Stocks rose for a third day as optimism over a recovering U.S. economy overrode concern that coronavirus cases are worsening in locations ranging from Texas to China. Treasury yields rose and the dollar strengthened.
The S&P 500 climbed 1.9 per cent, with energy, health care and materials leading all 11 industry sectors higher in the biggest gain in more than a week. The benchmark index initially surged after data showed U.S. retail sales jumped by the most on record. Federal Reserve Chairman Jerome Powell said the U.S. economy may be bottoming out during his semi-annual policy report to Congress.
Unofficially, the Dow Jones Industrial Average rose 543.68 points, or 2.11 per cent, to 26,306.84, the S&P 500 gained 60 points, or 1.96 per cent, to 3,126.59 and the Nasdaq Composite added 173.38 points, or 1.78 per cent, to 9,899.40.
“Right now there’s more cross currents than I can ever remember,” said John Porter, chief investment officer of equities at Mellon Investments. “The weight of where investors are focusing day-to-day really swings wildly from fears of the second wave, concerns about escalating tensions with China, complete vacuum of visibility on earnings.”
Stocks briefly pared gains after Florida reported that new cases rose to the highest level since the pandemic began and Texas saw hospitalizations surge. Elsewhere, Beijing shut its schools on concern about new infections.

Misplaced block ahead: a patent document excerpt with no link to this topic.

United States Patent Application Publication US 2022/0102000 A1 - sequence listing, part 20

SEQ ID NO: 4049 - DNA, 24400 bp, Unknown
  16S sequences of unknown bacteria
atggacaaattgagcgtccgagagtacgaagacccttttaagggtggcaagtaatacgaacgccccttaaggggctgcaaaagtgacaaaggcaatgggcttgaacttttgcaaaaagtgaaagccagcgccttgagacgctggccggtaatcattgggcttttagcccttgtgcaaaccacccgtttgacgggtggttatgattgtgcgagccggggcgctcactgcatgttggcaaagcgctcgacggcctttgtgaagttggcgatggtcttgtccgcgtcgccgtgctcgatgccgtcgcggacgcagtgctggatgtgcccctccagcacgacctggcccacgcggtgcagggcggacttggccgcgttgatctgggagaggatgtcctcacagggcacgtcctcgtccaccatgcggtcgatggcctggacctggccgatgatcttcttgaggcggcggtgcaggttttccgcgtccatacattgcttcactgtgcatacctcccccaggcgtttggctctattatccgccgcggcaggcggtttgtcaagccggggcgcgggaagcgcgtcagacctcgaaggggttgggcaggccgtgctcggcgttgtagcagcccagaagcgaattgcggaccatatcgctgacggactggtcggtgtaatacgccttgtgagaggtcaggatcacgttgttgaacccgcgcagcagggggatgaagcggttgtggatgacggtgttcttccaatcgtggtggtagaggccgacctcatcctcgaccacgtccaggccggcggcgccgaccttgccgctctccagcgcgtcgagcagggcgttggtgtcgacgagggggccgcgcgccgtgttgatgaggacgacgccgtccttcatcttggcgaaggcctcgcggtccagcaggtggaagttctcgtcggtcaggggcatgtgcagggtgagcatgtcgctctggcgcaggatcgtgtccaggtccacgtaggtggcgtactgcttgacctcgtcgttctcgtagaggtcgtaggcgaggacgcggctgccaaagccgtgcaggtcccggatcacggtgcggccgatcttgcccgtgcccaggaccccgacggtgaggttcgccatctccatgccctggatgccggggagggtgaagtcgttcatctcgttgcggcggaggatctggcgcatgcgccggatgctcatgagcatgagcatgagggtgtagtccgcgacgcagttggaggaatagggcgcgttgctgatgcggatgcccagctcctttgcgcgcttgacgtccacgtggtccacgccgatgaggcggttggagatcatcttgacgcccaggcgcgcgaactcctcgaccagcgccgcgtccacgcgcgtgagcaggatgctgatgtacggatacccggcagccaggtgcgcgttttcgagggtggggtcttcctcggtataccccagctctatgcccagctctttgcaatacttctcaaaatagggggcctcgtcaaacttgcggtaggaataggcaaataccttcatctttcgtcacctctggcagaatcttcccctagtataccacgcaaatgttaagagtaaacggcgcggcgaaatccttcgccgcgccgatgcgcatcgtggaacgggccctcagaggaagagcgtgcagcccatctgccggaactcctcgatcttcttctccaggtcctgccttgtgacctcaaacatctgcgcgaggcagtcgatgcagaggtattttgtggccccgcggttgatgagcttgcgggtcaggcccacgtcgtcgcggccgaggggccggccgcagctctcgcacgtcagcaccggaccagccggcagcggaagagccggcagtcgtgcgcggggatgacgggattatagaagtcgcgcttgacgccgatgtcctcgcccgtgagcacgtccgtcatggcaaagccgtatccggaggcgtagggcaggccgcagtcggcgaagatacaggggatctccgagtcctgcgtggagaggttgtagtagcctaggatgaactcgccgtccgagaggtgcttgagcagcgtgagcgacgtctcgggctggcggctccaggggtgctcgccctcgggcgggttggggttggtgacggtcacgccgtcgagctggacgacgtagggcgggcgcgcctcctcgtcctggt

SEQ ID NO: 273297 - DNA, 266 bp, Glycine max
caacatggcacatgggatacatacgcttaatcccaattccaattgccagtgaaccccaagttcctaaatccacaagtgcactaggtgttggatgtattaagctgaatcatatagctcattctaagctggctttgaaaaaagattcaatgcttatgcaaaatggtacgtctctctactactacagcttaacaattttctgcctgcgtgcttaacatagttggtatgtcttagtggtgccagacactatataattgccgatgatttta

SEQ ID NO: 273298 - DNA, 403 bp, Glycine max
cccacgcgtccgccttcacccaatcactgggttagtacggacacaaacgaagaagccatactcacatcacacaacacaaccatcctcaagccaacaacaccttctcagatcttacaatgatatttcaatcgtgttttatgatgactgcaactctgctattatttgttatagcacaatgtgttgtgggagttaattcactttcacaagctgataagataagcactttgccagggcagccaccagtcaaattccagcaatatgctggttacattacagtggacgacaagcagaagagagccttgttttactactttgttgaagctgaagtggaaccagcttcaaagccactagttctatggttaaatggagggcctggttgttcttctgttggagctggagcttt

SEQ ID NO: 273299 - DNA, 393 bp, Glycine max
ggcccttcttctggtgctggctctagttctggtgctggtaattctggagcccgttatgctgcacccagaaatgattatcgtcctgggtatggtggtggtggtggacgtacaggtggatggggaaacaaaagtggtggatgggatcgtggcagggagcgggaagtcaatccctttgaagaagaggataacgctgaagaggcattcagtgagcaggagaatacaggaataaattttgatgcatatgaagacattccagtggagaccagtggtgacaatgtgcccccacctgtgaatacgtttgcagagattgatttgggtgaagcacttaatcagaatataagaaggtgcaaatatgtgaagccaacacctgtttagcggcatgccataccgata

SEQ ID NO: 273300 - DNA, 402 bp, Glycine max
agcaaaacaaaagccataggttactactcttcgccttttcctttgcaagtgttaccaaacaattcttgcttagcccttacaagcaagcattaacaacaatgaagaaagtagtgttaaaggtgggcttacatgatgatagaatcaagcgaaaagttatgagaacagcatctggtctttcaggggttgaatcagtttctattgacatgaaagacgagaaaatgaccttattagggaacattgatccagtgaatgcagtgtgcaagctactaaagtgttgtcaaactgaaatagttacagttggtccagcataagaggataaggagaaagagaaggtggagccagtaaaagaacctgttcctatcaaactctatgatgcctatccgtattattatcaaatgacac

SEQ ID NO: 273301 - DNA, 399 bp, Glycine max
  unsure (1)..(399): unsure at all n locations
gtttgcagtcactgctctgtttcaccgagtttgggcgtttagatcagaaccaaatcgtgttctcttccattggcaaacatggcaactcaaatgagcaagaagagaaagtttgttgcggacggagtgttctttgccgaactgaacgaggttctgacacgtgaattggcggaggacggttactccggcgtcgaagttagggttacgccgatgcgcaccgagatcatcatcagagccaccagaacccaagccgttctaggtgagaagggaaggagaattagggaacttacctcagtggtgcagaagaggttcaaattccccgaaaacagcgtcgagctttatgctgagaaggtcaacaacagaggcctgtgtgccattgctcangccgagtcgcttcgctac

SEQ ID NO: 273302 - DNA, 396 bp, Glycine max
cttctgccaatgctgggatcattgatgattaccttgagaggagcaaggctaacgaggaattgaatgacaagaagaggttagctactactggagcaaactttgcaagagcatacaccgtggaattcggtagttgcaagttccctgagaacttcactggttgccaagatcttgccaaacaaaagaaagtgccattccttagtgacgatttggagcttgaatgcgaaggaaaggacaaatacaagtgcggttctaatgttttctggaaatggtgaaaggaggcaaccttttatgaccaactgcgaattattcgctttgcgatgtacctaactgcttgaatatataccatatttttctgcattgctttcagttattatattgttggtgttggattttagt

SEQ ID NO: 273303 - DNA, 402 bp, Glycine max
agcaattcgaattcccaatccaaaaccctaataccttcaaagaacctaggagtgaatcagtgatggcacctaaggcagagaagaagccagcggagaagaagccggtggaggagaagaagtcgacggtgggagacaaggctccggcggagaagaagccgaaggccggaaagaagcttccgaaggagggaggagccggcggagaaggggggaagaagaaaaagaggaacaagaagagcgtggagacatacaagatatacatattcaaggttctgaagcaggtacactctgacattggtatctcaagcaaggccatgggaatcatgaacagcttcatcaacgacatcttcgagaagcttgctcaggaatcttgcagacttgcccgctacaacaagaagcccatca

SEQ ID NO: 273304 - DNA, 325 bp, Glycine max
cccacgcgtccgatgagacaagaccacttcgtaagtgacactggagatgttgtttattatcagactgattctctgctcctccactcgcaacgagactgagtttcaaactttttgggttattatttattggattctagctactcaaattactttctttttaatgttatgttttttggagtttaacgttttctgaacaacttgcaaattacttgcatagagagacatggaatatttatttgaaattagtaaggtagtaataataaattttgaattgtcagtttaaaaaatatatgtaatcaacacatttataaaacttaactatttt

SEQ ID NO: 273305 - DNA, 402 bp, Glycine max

“It shows you that the market is still extremely reactive in both directions to any virus-related news, especially on the upside when it’s good news,” aid Liz Ann Sonders, chief investment strategist at Charles Schwab & Co.
Government stimulus has been a key feature of the global equities rally, despite soaring unemployment and signs that a second wave of the virus has started to emerge. Now there are signals that more economic support is on the way.
The Trump administration is preparing a nearly US$1 trillion infrastructure proposal as part of its push to spur the world’s largest economy back to life, according to people familiar with the plan. On top of that, the Fed will start buying individual corporate bonds.
“The Fed is delivering on its promise to do whatever it takes,” said Todd Jablonski, chief investment officer at Principal Portfolio Strategies. “They can’t however offset the volatility that comes with risk assets as the number of cases picks up.”
Elsewhere, oil climbed above US$38 a barrel in New York amid signs of improving demand and declining production.
With files from Reuters